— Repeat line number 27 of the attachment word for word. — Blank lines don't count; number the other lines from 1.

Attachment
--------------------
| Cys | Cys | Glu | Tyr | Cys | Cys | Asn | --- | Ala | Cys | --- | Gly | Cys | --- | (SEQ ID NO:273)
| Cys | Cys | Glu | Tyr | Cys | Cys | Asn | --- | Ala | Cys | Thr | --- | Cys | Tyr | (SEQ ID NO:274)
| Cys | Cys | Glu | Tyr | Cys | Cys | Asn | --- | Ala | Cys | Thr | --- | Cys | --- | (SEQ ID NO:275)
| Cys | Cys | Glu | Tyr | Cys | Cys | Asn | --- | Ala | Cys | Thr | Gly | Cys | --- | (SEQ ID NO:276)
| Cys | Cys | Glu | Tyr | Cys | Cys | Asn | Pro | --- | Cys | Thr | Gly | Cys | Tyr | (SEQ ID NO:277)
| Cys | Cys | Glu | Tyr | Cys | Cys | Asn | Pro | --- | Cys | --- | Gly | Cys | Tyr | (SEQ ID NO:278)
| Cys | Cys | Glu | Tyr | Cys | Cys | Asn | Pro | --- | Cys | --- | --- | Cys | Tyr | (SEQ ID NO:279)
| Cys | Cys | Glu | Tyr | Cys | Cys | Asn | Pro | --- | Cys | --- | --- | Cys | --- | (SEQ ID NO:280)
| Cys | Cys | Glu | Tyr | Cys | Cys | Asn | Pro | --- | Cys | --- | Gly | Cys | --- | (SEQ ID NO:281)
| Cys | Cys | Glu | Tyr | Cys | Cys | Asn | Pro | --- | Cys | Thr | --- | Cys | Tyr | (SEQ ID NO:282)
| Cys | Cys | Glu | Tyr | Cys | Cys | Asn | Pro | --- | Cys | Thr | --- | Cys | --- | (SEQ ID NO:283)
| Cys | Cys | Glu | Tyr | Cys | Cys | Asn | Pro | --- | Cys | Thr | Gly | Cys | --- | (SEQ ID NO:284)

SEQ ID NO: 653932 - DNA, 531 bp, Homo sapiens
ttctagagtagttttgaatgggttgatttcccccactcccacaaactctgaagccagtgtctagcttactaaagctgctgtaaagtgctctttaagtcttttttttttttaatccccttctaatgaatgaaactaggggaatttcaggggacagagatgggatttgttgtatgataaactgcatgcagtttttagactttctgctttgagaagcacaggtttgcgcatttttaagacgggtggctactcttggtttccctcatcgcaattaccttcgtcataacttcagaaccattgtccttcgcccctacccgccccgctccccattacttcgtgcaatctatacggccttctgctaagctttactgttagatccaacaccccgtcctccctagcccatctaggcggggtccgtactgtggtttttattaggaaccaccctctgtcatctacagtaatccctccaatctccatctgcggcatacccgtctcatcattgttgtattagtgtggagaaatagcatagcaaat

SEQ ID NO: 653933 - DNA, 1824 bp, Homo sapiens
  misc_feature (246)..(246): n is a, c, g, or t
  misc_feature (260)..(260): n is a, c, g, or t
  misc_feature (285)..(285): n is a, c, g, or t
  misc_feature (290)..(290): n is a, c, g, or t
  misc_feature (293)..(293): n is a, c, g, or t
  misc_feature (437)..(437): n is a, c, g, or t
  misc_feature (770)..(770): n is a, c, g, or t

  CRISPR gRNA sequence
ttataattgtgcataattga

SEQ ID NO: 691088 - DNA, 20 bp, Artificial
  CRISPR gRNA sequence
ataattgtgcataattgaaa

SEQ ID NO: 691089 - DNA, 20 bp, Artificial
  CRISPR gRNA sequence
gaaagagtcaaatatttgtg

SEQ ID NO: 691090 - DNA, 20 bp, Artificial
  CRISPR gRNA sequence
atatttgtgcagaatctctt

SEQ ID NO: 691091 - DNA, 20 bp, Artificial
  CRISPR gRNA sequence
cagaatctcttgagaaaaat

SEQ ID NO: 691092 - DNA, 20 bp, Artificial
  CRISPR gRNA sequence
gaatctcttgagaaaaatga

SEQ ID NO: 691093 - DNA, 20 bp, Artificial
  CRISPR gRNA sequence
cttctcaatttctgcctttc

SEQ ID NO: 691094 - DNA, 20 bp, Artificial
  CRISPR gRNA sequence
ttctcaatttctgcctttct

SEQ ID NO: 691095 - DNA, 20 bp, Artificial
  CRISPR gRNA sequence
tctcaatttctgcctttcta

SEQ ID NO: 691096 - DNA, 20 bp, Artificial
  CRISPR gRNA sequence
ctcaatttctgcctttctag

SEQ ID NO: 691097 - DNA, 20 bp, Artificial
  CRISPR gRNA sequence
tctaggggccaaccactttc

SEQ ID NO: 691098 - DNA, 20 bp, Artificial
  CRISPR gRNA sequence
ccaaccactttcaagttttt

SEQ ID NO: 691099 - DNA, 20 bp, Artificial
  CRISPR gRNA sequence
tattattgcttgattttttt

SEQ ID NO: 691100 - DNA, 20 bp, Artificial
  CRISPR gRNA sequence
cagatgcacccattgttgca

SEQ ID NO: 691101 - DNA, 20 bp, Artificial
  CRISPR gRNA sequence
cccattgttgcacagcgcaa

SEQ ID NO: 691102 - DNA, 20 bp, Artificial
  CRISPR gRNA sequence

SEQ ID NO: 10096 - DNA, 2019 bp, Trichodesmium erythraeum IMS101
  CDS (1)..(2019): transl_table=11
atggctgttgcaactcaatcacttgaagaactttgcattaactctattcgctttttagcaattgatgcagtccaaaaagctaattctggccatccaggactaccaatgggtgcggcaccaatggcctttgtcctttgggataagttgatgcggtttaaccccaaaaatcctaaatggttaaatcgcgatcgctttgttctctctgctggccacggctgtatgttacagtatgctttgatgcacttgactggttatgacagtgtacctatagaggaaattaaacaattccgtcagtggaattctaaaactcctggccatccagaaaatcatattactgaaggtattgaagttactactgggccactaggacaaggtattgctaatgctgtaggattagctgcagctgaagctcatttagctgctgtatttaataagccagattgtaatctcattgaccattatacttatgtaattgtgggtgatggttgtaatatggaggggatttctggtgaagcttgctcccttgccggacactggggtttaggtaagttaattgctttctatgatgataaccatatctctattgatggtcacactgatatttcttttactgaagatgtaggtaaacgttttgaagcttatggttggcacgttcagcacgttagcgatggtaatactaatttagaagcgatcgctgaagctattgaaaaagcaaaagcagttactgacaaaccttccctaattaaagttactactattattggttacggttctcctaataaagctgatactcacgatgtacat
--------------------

ataattgtgcataattgaaa